Great mistakes in politics (No29) Nixon selects Spiro Agnew as his running mate

All in all I’ve always thought that Spiro Agnew got off rather lightly. In normal circumstances the Vice-President of the United States having to resign from office due to fraud and tax evasion would be the scandal of the decade. However because the Nixon Whitehouse was currently engulfed in the firestorm that was Watergate, and Nixon was soon to resign himself, Agnew somehow slipped through the cracks.

To say that Agnew has a low historical reputation is putting it mildly. Nixon was a crook and a liar but even his enemies had to admit that he was an incredibly smart guy, Agnew, to put it mildly, wasn’t. He’d only been selected as Vice-President in the first place as part of Nixon’s ‘Southern strategy’. At the time the accepted political wisdom was that Presidents needed to balance the ticket by choosing a VP candidate sufficiently unlike themselves in order to appeal to a different set of voters. Nixon obviously felt that he had northern Republicans in the bag but was weaker amongst southern Republicans/Dixicrats.

The South was currently going through a period of political realignment. Traditionally it had always been Democratic since the 1860s, however since Kennedy and LBJ’s civil rights programme it had slowly been shifting away from the Democratic Party towards the Republicans (briefly stopping over first with Wallace’s Independents). Agnew was from Maryland so Nixon thought he could use him to appeal to disaffected Democratic voters and southern Republicans, or as Hunter S Thompson said less kindly, but possibly more accurately, he was ‘a sop to the yahoo/racist vote’.

It’s fair to say that no one took Agnew particularly seriously as a figure of political leadership. The Democrats ran TV adverts openly laughing at him and questioning who he was while even Nixon commented, ‘No one’s going to assassinate me as they’d end up with Agnew as President’. If that sounds like a frosty response then it got worse as their first term went on with Nixon openly plotting to get rid of his Vice-President and attacking him at every opportunity.

Agnew rose incredibly quickly through the political world to the Vice-Presidency and as a result they hadn’t checked his background as accurately as they probably should have. As it later turned out there were a few skeletons in his closet relating to his time in Maryland politics and he was investigated for tax evasion and a host of other charges. In the end Agnew accepted a plea bargain and agreed to resign the Vice-Presidency in order to keep himself out of jail. His crimes caught up with him though, and a decade later he had to pay a quarter of a million dollars back to the state of Maryland.

In his defence Agnew  was a popular Vice-President with the Republican grassroots and I suppose performed a useful service in terms of deflecting attention away from Nixon and his misdeeds. However in retrospect I think that even he’d admit that Agnew was one of his greatest political mistakes as after the Presidency he never spoke to him again as long as he lived.

Here is the Democrats rather cruel anti-Agnew advert from 1968 (it probably backfired on them and made people feel sorry for Agnew):

For a full list of great mistakes in politics please click here

About matthewashton

I'm a Politics Lecturer at Nottingham Trent University. I specialise in the fields of American, British and media politics.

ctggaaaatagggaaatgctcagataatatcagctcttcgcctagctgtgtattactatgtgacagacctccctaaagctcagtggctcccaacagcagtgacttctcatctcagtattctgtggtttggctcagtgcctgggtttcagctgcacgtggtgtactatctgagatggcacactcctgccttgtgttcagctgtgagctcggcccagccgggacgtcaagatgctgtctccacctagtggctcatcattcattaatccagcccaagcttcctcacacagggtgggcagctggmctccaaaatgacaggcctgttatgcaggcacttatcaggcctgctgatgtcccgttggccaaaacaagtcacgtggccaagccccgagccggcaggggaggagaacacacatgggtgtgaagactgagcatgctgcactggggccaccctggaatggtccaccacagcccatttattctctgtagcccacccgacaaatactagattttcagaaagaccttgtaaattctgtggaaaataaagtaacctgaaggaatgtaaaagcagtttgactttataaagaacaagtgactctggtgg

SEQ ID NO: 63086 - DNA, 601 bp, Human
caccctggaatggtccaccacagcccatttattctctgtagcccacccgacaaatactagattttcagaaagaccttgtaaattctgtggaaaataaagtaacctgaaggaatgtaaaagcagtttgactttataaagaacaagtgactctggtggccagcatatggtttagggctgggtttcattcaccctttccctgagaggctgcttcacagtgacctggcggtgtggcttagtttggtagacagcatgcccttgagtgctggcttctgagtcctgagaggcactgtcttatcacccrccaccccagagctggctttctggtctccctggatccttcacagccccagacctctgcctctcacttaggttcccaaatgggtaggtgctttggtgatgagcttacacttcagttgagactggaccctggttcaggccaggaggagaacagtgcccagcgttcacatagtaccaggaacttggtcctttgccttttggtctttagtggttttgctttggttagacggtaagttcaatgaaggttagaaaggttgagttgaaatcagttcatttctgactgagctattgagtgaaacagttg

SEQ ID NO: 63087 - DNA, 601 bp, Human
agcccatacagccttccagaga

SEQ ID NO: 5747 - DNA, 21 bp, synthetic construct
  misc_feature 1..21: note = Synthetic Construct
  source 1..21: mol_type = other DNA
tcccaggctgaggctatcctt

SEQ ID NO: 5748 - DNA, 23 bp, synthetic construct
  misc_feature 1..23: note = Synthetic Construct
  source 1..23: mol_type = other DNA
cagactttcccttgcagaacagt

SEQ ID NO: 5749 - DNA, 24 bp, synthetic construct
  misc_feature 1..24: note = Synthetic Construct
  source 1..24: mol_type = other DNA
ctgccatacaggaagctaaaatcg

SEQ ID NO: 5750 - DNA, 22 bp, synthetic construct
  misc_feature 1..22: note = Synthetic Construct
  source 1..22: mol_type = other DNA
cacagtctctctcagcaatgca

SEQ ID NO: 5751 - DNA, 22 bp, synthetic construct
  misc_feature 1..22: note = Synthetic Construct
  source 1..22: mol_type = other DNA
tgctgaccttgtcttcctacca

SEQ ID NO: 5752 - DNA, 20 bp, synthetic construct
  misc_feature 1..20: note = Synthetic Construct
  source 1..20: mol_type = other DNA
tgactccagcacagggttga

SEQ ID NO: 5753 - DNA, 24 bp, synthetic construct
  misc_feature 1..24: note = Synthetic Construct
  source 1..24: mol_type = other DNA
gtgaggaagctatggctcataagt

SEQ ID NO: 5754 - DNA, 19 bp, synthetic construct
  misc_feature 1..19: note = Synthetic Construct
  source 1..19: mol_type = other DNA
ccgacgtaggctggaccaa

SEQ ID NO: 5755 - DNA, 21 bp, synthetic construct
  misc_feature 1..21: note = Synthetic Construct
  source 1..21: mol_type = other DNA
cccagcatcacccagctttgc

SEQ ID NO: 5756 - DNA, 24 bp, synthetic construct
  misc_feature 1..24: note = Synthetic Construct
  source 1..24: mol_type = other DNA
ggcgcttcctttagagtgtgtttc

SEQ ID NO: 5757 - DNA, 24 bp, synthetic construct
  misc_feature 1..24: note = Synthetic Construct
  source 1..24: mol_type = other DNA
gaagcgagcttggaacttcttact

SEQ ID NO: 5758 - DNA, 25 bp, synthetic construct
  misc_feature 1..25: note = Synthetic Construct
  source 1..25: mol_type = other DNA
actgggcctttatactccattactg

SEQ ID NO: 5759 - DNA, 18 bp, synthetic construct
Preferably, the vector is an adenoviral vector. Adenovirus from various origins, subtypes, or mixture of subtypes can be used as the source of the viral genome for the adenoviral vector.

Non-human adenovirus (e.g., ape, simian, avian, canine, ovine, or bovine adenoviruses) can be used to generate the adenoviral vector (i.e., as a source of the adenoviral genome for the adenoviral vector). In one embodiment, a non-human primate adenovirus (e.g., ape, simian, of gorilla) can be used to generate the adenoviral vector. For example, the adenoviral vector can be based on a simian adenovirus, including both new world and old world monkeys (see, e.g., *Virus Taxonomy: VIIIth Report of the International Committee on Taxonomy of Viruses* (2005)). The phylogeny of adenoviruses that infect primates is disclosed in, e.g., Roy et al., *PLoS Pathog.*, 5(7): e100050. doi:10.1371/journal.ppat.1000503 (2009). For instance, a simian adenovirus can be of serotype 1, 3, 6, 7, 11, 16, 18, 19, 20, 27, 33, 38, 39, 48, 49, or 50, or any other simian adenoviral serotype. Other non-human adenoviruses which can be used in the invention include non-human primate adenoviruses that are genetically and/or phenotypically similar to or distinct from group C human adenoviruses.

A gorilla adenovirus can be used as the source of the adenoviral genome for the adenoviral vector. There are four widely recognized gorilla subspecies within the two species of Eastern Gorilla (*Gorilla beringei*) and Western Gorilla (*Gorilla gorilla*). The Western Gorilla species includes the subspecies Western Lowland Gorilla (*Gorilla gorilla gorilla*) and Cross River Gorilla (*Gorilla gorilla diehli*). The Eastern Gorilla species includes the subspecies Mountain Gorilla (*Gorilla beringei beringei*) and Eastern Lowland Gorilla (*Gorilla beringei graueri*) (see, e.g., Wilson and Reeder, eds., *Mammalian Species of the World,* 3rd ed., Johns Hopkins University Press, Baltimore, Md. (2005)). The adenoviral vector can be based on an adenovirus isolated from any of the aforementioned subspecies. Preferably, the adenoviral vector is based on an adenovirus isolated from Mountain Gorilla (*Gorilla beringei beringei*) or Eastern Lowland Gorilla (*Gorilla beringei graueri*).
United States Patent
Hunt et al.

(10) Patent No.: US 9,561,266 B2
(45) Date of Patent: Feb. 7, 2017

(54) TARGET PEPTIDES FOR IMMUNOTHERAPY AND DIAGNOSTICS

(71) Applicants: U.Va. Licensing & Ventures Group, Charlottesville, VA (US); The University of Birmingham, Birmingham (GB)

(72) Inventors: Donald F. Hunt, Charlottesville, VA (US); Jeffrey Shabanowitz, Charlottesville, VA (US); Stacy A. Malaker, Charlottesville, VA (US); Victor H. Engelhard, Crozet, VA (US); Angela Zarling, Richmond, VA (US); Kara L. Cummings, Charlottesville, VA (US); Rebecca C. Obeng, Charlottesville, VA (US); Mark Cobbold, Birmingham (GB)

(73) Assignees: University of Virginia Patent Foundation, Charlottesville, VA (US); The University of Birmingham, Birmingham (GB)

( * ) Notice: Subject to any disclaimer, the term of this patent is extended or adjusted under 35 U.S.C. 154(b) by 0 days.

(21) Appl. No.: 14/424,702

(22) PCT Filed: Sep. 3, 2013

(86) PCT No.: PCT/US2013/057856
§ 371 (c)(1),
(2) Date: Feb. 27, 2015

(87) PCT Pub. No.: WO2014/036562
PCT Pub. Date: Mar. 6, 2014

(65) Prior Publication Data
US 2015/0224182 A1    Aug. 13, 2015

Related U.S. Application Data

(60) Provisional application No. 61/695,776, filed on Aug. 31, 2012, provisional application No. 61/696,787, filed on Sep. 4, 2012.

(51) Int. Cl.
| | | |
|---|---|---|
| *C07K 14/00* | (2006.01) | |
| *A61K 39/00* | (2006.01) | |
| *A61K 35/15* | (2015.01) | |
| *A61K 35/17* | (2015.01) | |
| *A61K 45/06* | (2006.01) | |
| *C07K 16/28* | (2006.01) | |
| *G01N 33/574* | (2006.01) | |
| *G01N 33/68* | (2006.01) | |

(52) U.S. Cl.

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7 Responses to Great mistakes in politics (No29) Nixon selects Spiro Agnew as his running mate

  1. I always thought Agnew was picked for Veep because as governor he’d been quite progressive on race issues, like housing and desegregation. If memory serves, I think he was even elected by running to the left of a racist Democrat (could be wrong).

    • He was early on. He was even a big Rockefeller supporter at one point, but it changed around the time he called out most of the moderate black leaders in Baltimore for being “responsible” for the riots after Dr. King’s assassination. Agnew went over the bend after that and the sensible moderate Republican he once was was replaced with an angry lunatic who liked to yell at college kids that they should “go get a job”.

    • Agnew was reasonably centralist up until the late 1960s but if you look at his speeches during the 68 election he certainly seems to be trying to appeal the southen vote by playing that card. I think Agnew was selected because he could bring the southern vote and Nixon’s new ‘silent majority’ without actually representing the ‘old deep south’.

      Nixon and race is a very interesting issue in itself. If you listen to his taped office conversations he made a host of amazingly racist comments yet several African-American entertainers like James Brown and Sammy Davis Jr supported him.

  2. I have to disagree with you on this one. The nomination of Spiro Agnew is Richard Nixon’s finest work of comic genius. Anyone who could say “nattering nabobs of negativism” and “hysterical hopeless hypochondriacs of history” has to be viewed as a great addition to the storied canon of American Theatre of the Absurd. Spiro T. Agnew is more than a man….he’s a way of life.

  3. Pingback: Great mistakes in politics (No31) John McCain choses Sarah Palin as his running mate | Dr Matthew Ashton's Politics Blog

  4. Pingback: Great mistakes in politics (No32) John McCain choses Sarah Palin as his running mate | Dr Matthew Ashton's Politics Blog

  5. Pingback: Great mistakes in politics (No32) John McCain chooses Sarah Palin as his running mate | Dr Matthew Ashton's Politics Blog

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